Training mental health nurses in the United Kingdom– a historical overview. Part One: pre 1948.

Chatterton, Claire (2014). Training mental health nurses in the United Kingdom– a historical overview. Part One: pre 1948. Bulletin of the UK Association for the History of Nursing., 3 pp. 22–32.

URL: http://ukahn.org/wp/the-ukahn-bulletin/

Abstract

Mental health nursing in the United Kingdom (UK) has developed as, and continues to be, a distinct area of nursing practice. Unlike countries such as the USA, the UK has never embraced the generic model for nursing and it is still possible to train and be registered as a nurse in four separate fields – general, mental health, learning disability and children’s nursing. In this article the history of the training of those who specialised in mental health nursing is considered and discussed. The content of this training is analysed as is the changing, and often contentious ideas, about what the knowledge base of mental health nursing practice should be. The influences on this are also discussed, particularly the role of medicine (psychiatrists) and general nursing.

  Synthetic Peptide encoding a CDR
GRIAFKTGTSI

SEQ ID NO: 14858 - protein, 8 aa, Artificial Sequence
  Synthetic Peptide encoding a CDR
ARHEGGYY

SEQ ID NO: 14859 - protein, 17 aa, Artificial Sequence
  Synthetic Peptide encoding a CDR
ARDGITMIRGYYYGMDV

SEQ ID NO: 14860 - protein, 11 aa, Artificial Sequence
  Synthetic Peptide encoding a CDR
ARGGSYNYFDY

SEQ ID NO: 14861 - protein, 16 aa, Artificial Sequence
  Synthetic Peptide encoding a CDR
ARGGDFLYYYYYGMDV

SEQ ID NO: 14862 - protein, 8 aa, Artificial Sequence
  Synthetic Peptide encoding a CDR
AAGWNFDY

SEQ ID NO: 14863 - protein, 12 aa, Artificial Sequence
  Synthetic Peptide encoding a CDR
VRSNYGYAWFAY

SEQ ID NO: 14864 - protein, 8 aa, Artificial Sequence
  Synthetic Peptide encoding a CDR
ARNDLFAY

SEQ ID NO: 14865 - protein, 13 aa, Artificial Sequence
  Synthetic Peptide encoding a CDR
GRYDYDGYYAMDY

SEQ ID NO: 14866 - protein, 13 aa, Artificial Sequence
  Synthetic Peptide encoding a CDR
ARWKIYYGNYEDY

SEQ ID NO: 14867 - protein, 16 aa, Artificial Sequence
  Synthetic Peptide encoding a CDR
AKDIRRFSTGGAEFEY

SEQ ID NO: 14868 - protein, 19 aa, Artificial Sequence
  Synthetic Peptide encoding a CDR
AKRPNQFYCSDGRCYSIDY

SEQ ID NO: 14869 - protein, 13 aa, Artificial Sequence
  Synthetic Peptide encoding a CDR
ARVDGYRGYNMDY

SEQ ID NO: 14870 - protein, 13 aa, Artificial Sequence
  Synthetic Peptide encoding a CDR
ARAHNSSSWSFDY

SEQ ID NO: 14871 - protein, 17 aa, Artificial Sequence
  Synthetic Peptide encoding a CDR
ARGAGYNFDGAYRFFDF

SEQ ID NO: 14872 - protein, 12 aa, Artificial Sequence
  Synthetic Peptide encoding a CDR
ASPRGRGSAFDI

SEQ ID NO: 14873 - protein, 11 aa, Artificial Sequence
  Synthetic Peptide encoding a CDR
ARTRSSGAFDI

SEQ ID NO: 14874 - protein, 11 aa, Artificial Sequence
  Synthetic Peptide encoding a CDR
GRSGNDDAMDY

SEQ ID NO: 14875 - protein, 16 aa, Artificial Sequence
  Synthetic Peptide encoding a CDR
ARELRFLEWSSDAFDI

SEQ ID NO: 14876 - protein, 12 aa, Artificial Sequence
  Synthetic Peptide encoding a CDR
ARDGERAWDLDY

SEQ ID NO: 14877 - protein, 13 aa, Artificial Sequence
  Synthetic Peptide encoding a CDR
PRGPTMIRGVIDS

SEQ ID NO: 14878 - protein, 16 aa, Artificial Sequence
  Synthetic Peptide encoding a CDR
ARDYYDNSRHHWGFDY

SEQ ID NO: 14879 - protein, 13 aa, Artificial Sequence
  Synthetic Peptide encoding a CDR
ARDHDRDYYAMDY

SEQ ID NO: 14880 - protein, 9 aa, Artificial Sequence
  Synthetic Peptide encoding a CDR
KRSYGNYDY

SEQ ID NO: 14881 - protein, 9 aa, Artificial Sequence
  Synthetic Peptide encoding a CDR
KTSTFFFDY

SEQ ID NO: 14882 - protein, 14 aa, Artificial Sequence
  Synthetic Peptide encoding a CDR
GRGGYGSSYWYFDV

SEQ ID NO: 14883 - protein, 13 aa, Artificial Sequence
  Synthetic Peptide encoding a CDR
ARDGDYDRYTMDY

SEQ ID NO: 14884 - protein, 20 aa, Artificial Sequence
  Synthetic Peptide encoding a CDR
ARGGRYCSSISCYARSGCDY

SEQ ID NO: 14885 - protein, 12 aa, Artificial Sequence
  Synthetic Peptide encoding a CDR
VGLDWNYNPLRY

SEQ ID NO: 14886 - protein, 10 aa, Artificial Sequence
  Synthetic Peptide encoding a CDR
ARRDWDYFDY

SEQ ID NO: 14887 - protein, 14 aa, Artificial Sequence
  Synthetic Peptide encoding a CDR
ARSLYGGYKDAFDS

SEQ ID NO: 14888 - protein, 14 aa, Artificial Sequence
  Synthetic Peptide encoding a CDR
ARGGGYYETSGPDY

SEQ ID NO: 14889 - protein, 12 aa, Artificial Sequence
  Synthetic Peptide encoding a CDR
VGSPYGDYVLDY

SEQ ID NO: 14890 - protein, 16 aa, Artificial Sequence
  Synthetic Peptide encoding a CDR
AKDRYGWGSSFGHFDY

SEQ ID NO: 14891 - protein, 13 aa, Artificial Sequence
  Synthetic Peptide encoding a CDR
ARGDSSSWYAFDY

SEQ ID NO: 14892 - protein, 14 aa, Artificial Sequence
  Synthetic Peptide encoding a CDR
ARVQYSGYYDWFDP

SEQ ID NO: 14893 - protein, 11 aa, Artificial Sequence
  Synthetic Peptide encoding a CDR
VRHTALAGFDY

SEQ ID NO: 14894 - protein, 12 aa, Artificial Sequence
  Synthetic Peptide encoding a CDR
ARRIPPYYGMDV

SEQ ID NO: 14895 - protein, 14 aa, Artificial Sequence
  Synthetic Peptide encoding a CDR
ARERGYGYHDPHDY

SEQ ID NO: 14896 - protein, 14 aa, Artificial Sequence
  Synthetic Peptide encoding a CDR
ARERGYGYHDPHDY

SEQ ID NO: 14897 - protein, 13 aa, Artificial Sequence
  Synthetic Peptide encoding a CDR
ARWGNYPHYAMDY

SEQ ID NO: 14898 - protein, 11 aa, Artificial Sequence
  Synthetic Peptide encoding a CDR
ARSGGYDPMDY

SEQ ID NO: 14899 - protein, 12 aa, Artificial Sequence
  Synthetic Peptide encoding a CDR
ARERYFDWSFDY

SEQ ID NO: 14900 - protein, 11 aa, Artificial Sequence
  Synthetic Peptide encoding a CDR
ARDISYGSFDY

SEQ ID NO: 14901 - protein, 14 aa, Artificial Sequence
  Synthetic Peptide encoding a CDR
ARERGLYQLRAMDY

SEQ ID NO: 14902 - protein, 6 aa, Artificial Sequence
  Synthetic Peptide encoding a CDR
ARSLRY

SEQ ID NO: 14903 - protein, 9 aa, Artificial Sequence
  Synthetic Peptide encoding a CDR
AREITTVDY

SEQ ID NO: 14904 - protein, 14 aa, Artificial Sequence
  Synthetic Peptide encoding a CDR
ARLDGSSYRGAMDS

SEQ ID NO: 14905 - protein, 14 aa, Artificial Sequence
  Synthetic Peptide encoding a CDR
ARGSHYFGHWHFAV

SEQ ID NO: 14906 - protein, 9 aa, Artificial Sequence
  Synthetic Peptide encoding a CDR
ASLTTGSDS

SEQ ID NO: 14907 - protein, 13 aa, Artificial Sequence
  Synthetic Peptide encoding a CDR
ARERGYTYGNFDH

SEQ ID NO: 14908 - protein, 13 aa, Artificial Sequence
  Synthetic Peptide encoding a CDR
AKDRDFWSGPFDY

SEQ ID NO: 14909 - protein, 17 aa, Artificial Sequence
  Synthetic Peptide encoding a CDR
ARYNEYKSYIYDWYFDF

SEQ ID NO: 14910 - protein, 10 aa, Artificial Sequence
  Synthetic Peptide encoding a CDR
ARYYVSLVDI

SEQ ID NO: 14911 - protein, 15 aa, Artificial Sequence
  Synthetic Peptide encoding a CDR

This article covers the period up until 1948, which introduction of the British National Health Service. A further article will continue the narrative from 1948 until the present.

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